an input device for requesting services associated with items on the system.
25. The knowledge management system of claim 24, wherein the device comprises a printer and the device and the input device are connected to the knowledge management service via the Internet.
26. The knowledge management system of claim 24, wherein the services associated with items comprise content extraction and indexing.
27. The knowledge management system of claim 24, wherein the services comprise recommendations.
28. The knowledge management system of claim 24, wherein the device comprises a multi-function device for printing, scanning and copying items.
29. The knowledge management system of claim 24, wherein the knowledge management service comprises a recommender service for storing ratings of items and for generating recommendations for new items based on recommendation criteria;
wherein, responsive to the user request, the recommendation service stores an implicit rating for the requested item, determines whether, based on the implicit rating and the recommendation criteria, to generate an item recommendation, and if the criteria for generating a recommendation is met, generates a recommendation of a new item.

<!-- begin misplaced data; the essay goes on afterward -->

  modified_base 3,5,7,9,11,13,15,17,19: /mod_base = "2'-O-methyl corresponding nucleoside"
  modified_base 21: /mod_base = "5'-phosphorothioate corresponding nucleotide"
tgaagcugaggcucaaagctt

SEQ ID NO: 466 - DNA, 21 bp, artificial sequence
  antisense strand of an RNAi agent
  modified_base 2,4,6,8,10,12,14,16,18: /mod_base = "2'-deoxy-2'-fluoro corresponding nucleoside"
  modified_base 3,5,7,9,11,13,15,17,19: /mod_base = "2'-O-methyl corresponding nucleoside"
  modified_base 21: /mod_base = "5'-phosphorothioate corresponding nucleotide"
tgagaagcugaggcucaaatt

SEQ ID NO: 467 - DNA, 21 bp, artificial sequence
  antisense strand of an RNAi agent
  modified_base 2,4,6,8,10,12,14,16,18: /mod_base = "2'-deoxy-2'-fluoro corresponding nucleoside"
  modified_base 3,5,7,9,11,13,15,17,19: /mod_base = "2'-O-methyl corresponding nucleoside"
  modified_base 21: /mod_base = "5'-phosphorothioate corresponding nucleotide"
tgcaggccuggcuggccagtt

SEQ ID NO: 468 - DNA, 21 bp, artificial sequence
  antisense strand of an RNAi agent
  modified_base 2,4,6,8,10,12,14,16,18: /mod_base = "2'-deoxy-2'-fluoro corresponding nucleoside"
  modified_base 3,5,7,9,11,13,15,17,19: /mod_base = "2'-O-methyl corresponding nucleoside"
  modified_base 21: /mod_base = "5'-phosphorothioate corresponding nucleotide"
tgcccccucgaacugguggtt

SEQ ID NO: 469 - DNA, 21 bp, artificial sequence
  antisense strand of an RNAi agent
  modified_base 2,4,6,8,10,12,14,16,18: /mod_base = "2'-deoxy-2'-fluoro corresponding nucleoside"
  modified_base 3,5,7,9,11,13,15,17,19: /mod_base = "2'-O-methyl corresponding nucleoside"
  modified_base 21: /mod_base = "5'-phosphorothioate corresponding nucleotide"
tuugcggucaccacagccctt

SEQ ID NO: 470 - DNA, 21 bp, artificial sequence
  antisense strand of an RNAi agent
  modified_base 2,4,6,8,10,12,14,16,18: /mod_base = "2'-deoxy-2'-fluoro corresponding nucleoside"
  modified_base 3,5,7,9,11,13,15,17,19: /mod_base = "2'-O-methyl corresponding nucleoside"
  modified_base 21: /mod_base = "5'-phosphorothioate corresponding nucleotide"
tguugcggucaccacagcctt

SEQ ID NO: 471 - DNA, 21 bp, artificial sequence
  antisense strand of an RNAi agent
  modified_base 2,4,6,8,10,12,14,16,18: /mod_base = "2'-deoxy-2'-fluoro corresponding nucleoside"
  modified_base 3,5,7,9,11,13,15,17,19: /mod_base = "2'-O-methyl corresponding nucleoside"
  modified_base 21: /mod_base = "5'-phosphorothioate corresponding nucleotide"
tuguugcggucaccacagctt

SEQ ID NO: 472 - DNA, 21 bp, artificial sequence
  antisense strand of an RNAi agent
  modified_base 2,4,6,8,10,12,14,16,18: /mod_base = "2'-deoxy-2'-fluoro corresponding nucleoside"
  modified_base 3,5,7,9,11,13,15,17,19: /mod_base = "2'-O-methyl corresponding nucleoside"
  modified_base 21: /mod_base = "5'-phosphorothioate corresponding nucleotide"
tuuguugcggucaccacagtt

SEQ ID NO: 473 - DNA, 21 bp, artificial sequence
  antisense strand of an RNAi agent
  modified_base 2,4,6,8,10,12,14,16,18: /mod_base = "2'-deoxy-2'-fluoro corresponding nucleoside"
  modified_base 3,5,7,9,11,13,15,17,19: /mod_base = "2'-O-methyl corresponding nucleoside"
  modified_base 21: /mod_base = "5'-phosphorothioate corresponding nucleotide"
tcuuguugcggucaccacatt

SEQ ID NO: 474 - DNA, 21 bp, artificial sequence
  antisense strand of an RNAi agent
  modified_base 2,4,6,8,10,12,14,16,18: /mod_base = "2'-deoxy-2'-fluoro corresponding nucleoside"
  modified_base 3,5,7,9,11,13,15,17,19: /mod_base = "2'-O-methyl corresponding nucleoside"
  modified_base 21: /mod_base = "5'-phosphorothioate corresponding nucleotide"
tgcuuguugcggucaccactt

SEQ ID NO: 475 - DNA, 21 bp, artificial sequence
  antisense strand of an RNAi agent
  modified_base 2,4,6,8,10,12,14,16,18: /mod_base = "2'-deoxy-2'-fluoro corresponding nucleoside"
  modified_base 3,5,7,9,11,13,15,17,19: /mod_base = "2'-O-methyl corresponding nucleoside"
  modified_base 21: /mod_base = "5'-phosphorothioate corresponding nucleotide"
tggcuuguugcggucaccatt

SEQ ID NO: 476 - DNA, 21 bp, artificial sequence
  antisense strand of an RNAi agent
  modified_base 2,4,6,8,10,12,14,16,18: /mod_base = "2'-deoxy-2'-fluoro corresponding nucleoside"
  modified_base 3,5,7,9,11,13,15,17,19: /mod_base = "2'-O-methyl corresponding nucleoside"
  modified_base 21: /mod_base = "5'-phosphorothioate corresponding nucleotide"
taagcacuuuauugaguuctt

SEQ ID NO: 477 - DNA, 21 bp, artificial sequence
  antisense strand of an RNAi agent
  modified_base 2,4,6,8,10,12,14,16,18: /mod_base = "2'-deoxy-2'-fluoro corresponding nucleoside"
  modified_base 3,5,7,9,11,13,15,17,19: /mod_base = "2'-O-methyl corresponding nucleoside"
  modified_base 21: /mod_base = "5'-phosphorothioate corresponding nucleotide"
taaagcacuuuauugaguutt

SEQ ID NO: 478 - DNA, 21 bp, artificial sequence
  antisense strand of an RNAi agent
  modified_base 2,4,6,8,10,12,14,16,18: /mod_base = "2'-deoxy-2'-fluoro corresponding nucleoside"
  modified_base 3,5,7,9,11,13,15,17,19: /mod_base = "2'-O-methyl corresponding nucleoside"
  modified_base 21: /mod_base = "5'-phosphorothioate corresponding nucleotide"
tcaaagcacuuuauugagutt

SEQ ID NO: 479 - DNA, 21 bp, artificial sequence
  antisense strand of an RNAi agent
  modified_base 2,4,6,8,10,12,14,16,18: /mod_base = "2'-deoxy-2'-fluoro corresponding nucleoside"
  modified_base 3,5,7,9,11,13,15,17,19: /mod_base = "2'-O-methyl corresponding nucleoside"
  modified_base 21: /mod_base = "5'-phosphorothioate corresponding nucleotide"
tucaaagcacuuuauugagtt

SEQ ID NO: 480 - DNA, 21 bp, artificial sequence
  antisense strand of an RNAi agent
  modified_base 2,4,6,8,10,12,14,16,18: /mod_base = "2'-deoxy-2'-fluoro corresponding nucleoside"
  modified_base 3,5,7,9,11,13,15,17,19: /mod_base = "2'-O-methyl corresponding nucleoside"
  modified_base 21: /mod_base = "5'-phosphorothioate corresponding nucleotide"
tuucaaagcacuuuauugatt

30. The knowledge management system of claim 24, wherein the recommender service further stores user profiles for use in generating recommendations.
Description
    CROSS REFERENCE TO RELATED APPLICATIONS
  • [0001]
    This application is a continuation application of copending application Ser. No. 09/746,917 filed Dec. 22, 2000, to Grasso et al. for “Recommender System and Method.” This application is related to copending, coassigned U.S. patent application Ser. No. 09/746,913, Grasso et al., “Knowledge Management System and Method,” filed Dec. 22, 2000, and copending, coassigned U.S. patent application Ser. No. 09/746,914 to Snowdon et al., “Electronic Board System,” filed Dec. 22, 2000.